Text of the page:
ThinkTank - Ideal City of the 21st Century
In January 2013, Leuphana Digital School launched its prototype course "ThinkTank - Ideal City of the 21st Century", a cost-and-barrier-free academic platform that offered collaborative web-based learning led by distinguished scholars and experts. This new program, which ran from January to April 2013, introduced a fresh, unique approach to collaborative learning - a university project open to participants from all over the world, regardless of where they live and what they do.
This pilot course, led by world-renowned architect Prof. Daniel Libeskind, was a great success with people from more than 100 countries participating.
Understanding that more than 3 billion people will be moving into cities over the next 40 years, participants enrolled in ThinkTank worked in teams to design models for future living in urban centers. Participants worked to solve theoretical and practical assignments, critique the work of other groups through commentary and evaluation, and translate their ideas of an ideal city into a final visualization.
HOW IT WORKED
Students were matched in teams of five with members from all different backgrounds and geographic locations. These teams worked together to complete six assignments. Each assignment had two deadlines: the peer review, after which all participants were asked to give feedback on other teams' solutions, and the final deadline,after which the assignments were evaluated by the course mentors. Communication between participants took place on the online platform and forums (each with individual topics) as well as a messaging system, which enabled participants to communicate with their peers and teachers. In the peer review phase, ThinkTank's participants were able to explore the other teams' work as well as offer constructive feedback in order for each and every team's work to progress.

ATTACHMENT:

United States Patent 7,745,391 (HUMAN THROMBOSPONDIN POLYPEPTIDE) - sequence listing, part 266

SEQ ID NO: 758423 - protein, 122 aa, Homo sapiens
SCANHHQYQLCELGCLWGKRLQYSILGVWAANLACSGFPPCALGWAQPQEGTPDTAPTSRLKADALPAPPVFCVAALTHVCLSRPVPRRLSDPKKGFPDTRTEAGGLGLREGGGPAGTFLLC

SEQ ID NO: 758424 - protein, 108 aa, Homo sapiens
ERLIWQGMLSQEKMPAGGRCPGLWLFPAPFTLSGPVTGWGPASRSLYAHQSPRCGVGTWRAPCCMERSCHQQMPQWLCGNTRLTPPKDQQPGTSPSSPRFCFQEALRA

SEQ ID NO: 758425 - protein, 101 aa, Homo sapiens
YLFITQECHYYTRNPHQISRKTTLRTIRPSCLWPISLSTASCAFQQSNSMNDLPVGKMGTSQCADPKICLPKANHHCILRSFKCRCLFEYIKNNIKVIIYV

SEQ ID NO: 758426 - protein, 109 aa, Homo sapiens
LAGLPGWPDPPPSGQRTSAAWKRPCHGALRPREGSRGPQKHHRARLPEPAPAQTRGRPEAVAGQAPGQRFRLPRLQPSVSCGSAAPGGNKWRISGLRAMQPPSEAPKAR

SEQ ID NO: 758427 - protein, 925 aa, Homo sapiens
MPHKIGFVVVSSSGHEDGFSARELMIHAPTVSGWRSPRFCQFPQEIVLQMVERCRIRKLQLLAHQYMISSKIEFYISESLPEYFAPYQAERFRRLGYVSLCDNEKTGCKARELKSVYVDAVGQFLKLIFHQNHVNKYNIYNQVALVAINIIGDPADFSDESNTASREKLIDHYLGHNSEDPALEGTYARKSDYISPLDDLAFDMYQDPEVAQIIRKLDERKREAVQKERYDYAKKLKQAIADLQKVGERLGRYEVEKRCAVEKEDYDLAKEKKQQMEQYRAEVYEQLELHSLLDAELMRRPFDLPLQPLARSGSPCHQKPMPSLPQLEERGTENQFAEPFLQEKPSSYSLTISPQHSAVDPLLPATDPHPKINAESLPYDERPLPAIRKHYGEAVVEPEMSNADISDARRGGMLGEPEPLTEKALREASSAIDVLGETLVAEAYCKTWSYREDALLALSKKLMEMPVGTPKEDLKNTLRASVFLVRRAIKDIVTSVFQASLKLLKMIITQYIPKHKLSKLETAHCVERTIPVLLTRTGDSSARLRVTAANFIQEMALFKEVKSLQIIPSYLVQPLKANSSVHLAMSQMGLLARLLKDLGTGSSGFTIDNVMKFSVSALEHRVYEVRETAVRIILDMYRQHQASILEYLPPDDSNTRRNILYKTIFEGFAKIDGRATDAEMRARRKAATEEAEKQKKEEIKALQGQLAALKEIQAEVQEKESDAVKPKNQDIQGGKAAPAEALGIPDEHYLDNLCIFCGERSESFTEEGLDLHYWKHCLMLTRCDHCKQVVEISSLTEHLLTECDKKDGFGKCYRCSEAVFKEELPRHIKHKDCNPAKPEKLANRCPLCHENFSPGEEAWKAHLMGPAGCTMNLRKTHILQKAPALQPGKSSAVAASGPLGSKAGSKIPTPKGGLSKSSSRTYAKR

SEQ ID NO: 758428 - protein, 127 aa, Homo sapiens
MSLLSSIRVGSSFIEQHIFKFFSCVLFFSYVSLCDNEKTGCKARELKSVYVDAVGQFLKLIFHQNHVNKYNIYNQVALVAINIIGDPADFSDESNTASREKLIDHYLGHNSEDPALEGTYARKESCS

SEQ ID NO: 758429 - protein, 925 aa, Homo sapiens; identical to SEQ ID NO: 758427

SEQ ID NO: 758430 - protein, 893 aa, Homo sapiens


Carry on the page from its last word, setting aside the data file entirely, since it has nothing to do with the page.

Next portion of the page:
Participating in "ThinkTank - Ideal City of the 21st Century", students formulated their visions of an ideal city by completing six consecutive assignments in teams. For each assignment, our lecturers contributed specific academic input in the form of multi-disciplinary perspective video keynotes and other supporting materials. All involved - instructors and peers alike - provided feedback and advice on the main project categories such as architecture, economics, social science, cultural history, sustainability, infrastructure and public health. While working on their respective assignments, students engaged in virtual classroom discussions with their peers and instructors on the project platform.
The faculty members were supported by mentors who provided teaching input, lead classroom discussions and participated in evaluation of the final submissions of all six assignments. Tutors supervised related groups and their team pages, monitored the submitted reports and the performance of each group, supported the teams throughout the entire course, as well as assisted in evaluating the final submissions.
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